terminate at that point. 20 C.F.R. §§
404.1520(a)(4) and 416.920(a)(4).
case Plaintiff alleged disability beginning April 1, 2014,
after stepping on a nail with his left foot, resulting in
limited use of that foot. Born in 1972, at the end of the
relevant period, Plaintiff was a younger individual age 45-49
and had completed college. So, at step one, though the ALJ
noted Plaintiff had likely engaged in SGA after his April 1,
2014 alleged onset date, he gave him the benefit of the doubt
and moved to the next step of the process. At step two, the
ALJ found Plaintiff's “left foot injury” was
a “severe impairment” under the Act. At step
three, the ALJ found Plaintiff's impairment or
combination of impairments did not meet or medically equal
any impairment for presumptive disability in the Listing of
Impairments, including Listings 1.02A or 1.02B, at any time
during the adjudicated period.
the ALJ determined Plaintiff had the RFC to perform the full
range of sedentary work activity as defined in 20 C.F.R.
§§ 404.1567(a) and 416.967(a). The ALJ concluded
Plaintiff's subjective complaints of disabling pain and
other symptoms were “not entirely consistent with the
medical evidence and other evidence in the record.” The
ALJ further found Plaintiff did not have the RFC to perform
his past relevant work (PRW). At step five, the ALJ relied on
Grid Rule 201.21 in concluding that other work was available
in significant numbers in the national economy to a person
sharing Plaintiff's RFC and vocational profile. Thus, the
ALJ determined that Plaintiff was not disabled at any time
through the date of his decision.
of Review and Legal Principles
review under 42 U.S.C. § 405(g) is limited to two
inquiries: (1) whether substantial evidence in the record
supports the Commissioner's decision and (2) whether the
decision comports with proper legal standards. See Villa
v. Sullivan, 895 F.2d 1019, 1021 (5th Cir. 1990).
“Substantial evidence is ‘such relevant evidence
as a reasonable mind might accept as adequate to support a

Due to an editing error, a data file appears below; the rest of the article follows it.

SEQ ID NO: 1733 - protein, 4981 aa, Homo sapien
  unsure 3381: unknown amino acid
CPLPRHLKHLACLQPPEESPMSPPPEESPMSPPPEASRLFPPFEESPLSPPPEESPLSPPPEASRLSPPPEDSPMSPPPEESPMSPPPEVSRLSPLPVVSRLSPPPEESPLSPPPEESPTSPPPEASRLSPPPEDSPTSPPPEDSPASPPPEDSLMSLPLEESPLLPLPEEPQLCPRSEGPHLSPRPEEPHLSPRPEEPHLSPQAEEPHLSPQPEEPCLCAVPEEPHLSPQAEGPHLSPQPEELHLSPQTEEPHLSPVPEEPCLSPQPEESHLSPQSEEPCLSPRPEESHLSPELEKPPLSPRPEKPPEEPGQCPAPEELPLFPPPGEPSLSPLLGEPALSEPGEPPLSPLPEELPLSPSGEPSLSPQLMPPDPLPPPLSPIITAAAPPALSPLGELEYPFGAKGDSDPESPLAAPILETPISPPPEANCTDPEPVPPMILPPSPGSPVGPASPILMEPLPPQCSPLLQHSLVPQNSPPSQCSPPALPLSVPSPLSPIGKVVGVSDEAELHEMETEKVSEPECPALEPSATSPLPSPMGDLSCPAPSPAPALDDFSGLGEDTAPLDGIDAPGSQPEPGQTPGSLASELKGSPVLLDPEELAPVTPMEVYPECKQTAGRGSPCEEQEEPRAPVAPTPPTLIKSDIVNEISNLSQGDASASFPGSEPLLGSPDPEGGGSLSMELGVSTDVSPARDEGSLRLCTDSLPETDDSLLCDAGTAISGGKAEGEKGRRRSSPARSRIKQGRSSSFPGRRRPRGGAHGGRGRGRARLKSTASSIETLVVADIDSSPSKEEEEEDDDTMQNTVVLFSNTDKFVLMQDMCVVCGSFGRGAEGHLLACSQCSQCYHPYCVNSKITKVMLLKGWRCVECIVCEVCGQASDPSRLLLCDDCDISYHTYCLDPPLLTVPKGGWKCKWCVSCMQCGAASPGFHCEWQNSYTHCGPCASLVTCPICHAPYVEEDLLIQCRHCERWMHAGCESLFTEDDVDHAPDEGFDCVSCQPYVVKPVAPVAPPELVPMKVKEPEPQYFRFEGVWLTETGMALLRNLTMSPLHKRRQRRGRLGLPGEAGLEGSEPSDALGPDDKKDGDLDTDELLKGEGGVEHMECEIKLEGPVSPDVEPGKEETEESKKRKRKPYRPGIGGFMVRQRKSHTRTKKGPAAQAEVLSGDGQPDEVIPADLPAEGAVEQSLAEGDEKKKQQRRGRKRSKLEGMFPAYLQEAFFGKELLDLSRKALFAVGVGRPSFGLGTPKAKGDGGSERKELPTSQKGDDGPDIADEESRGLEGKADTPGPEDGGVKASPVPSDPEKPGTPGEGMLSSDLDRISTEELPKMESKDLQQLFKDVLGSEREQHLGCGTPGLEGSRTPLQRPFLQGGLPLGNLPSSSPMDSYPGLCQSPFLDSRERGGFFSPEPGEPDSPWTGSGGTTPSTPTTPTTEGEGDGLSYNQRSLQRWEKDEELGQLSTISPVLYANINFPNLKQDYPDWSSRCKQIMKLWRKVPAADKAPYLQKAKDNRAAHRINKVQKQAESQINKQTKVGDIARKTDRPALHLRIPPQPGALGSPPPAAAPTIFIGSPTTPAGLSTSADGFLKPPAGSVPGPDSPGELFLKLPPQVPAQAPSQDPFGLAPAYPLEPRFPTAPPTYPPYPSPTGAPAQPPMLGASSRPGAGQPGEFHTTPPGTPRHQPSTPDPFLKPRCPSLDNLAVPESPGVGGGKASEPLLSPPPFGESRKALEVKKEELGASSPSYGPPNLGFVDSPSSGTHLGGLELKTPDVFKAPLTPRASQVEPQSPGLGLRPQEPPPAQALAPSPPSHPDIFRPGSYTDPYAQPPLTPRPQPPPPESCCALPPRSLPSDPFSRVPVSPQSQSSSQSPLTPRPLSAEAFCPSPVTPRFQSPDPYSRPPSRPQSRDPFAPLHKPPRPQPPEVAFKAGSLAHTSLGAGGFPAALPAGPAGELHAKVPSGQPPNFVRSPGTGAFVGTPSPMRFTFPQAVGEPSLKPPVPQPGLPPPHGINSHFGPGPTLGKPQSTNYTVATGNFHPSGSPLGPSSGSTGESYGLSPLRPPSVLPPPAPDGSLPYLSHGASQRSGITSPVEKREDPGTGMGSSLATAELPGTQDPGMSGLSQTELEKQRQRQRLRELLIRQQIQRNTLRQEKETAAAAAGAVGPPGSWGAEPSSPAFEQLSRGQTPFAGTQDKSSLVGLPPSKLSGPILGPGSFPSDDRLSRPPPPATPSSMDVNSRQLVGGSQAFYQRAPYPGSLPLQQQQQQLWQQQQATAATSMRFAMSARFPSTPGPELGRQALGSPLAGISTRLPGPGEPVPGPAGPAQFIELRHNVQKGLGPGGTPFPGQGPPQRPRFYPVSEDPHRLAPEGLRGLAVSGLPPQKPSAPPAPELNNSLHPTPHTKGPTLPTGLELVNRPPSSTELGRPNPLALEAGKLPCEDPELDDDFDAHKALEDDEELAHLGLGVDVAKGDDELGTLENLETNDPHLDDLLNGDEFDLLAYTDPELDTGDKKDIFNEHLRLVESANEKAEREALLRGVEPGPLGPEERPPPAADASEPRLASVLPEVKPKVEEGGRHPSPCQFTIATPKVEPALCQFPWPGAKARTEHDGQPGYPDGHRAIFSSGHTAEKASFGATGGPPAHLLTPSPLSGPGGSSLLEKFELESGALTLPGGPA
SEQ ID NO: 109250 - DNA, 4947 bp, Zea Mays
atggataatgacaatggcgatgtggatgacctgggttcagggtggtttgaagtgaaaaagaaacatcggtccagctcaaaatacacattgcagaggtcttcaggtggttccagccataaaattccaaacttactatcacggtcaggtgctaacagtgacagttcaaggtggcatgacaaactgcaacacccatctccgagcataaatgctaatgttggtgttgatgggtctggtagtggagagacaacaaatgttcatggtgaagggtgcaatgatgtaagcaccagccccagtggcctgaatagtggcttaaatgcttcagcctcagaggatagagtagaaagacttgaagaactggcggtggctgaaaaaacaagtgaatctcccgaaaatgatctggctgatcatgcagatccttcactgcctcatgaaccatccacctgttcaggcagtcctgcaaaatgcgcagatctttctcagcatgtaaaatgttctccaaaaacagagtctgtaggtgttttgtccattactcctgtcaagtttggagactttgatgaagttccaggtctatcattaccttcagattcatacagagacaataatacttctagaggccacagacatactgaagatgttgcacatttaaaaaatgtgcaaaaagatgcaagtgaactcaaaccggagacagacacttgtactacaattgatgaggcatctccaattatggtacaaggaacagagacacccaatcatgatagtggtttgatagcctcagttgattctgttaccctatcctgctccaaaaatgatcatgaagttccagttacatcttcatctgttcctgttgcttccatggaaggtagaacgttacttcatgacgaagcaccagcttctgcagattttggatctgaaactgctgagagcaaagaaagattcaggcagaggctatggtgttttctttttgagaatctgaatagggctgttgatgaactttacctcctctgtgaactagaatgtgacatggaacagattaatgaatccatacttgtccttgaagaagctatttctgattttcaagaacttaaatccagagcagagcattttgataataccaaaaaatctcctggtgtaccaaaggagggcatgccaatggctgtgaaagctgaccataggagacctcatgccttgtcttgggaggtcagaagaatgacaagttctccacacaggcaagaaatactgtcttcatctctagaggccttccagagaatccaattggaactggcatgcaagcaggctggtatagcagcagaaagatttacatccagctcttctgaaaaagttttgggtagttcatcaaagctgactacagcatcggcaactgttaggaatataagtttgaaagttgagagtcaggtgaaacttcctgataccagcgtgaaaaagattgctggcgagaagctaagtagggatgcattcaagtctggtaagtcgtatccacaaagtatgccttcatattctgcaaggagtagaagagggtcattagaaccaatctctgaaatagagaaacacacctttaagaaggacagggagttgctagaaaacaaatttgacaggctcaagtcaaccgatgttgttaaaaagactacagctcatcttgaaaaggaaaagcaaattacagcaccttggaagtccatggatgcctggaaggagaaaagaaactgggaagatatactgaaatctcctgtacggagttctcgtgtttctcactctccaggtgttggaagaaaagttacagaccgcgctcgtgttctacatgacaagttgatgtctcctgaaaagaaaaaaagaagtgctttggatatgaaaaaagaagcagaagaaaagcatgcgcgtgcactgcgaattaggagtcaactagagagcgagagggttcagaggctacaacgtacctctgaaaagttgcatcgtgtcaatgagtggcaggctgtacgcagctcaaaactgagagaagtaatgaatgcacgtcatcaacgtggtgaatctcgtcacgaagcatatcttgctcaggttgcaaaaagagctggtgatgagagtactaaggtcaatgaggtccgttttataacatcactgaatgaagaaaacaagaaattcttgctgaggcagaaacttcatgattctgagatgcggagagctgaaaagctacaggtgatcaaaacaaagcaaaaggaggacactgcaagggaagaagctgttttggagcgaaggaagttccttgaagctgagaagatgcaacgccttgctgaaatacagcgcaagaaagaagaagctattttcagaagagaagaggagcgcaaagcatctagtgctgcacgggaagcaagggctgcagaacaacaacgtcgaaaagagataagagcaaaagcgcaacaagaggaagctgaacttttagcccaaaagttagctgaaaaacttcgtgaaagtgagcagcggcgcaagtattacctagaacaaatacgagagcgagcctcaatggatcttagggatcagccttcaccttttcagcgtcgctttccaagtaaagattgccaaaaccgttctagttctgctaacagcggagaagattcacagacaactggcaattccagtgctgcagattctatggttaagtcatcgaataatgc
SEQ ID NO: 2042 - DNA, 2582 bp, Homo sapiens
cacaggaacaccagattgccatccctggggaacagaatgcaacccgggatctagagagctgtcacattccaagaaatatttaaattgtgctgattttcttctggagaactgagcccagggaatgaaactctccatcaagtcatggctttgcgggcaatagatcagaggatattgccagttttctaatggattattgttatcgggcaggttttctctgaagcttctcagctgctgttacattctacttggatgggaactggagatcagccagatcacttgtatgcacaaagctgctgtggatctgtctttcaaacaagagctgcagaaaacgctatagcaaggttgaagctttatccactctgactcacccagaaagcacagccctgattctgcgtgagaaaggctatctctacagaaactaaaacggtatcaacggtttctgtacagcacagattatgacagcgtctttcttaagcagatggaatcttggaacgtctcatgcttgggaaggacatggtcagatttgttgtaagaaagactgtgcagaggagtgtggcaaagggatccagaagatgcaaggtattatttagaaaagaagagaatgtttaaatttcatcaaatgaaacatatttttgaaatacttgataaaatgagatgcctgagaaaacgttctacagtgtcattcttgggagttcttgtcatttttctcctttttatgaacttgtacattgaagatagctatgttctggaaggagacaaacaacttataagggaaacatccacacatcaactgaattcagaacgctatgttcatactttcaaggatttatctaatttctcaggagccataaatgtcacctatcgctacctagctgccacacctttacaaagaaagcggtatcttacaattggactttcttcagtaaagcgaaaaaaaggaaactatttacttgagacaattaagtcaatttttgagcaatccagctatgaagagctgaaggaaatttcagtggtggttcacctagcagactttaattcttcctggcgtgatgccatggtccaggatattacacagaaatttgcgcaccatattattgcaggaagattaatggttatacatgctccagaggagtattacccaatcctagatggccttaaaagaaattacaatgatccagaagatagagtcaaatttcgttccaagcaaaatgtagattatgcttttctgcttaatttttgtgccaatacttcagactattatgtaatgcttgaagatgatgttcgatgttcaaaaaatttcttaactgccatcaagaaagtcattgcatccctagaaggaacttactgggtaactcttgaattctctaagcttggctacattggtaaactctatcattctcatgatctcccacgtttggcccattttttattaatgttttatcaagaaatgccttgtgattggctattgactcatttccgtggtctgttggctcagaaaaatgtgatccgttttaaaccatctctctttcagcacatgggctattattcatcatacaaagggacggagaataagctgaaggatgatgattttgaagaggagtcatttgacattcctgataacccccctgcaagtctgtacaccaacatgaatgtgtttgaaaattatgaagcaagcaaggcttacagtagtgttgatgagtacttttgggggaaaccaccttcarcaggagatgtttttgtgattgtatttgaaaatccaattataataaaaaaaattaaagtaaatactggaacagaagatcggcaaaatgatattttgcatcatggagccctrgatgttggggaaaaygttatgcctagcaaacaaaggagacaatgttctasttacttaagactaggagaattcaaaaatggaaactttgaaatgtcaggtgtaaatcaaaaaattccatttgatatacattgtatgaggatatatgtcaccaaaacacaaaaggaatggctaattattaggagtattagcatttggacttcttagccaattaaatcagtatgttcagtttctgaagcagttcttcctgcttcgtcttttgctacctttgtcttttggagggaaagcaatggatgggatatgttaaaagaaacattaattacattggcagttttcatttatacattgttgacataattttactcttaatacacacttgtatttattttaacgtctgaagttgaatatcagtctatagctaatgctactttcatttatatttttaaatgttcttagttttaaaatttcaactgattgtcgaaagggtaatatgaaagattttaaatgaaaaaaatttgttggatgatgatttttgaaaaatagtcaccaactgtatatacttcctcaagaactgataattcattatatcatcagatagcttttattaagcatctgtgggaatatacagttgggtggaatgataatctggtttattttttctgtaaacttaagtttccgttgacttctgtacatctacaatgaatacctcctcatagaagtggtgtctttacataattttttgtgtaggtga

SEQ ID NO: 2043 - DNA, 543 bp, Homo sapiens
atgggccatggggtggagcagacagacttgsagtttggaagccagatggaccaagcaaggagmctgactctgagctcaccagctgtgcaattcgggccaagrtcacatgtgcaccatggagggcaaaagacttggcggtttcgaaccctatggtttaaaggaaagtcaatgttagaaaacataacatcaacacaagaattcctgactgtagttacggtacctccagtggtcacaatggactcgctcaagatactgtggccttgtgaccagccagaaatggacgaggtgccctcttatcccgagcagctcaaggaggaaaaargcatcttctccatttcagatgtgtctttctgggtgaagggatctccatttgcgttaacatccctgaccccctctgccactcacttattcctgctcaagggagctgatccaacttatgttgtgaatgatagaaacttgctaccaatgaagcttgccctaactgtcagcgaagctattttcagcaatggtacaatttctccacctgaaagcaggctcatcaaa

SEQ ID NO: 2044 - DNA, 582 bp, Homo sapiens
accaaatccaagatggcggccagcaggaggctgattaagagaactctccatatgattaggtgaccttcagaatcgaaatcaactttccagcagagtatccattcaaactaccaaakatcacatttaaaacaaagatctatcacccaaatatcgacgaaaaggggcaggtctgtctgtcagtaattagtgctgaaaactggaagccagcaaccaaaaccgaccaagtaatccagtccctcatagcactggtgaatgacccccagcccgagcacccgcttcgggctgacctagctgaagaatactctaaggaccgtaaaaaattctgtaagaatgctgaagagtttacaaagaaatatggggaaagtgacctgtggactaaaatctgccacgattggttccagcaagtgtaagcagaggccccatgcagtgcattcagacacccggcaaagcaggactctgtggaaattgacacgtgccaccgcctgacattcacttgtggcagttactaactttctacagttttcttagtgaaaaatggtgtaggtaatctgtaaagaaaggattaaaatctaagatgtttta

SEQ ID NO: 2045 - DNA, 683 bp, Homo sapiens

conclusion.'” Greenspan v. Shalala, 38
F.3d 232, 236 (5th Cir. 1994) (quoting Richardson v.
Perales, 402 U.S. 389, 401, 91 S.Ct. 1420, 28 L.Ed.2d
842 (1971)). “It is more than a mere scintilla, and
less than a preponderance.” Spellman v.
Shalala, 1 F.3d 357, 360 (5th Cir. 1993) (citing
Moore v. Sullivan, 919 F.2d 901, 904 (5th Cir.
1990)). “A decision is supported by substantial
evidence if ‘credible evidentiary choices or medical
findings support the decision.'” Salmond v.
Berryhill, 892 F.3d 812, 817 (5th Cir. 2018) (citations
court must be careful not to “reweigh the evidence or
substitute . . . [its] judgment” for that of the ALJ,
see Hollis v. Bowen, 837 F.2d 1378, 1383 (5th Cir.
1988), even if it finds that the evidence preponderates
against the Commissioner's decision. Bowling v.
Shalala, 36 F.3d 431, 434 (5th Cir. 1994);
Harrell, 862 F.2d at 475. If the Commissioner's
decision is supported by the evidence, then it is conclusive
and must be upheld. Paul v. Shalala, 29 F.3d 208,
210 (5th Cir.1994). Conflicts in the evidence are for the
Commissioner to decide, and if substantial evidence is found
to support the decision, the decision must be affirmed even
if there is evidence on the other side. Selders v.
Sullivan, 914 F.2d 614, 617 (5th Cir. 1990).
claimant must prove his disability, as defined by the Act, to
be entitled to Social Security disability benefits. See
Leggett v. Chater, 67 F.3d 558, 563-64 (5th Cir. 1995);
Abshire v. Bowen, 848 F.2d 638, 640 (5th Cir. 1988).
The claimant also bears the burden of showing that any
alleged error of law was prejudicial because the Supreme
Court has recognized that the doctrine of harmless error
applies to administrative determinations, and the Fifth
Circuit has specifically held that it will not vacate a
judgment unless the substantial rights of a party are
affected. See Shinseki v. Sanders, 556 U.S. 396,
407-08 (2009); Jones v. Astrue, 691 F.3d 730, 734
(5th Cir. 2012); Mays v. Bowen, 837 F.2d 1362, 1364
(5th Cir. 1988).
initial brief  Plaintiff first asserted that “it
should have been determined that . . . [he] was disabled
during the closed claim period.” Plaintiff stated he
“was disabled 4/11/14 and still suffer[s] from the
disability now . . . and was disabled 06/25/2015; [sic] which
covers the time period of the closed claim period.”
Plaintiff made several additional arguments in this initial
brief; however, after the Commissioner responded to
Plaintiff's brief, Plaintiff filed a reply brief ,
wherein he reiterated the arguments made in his initial brief
and added several new arguments. Both in his reply brief and
during the telephonic hearing, Plaintiff ...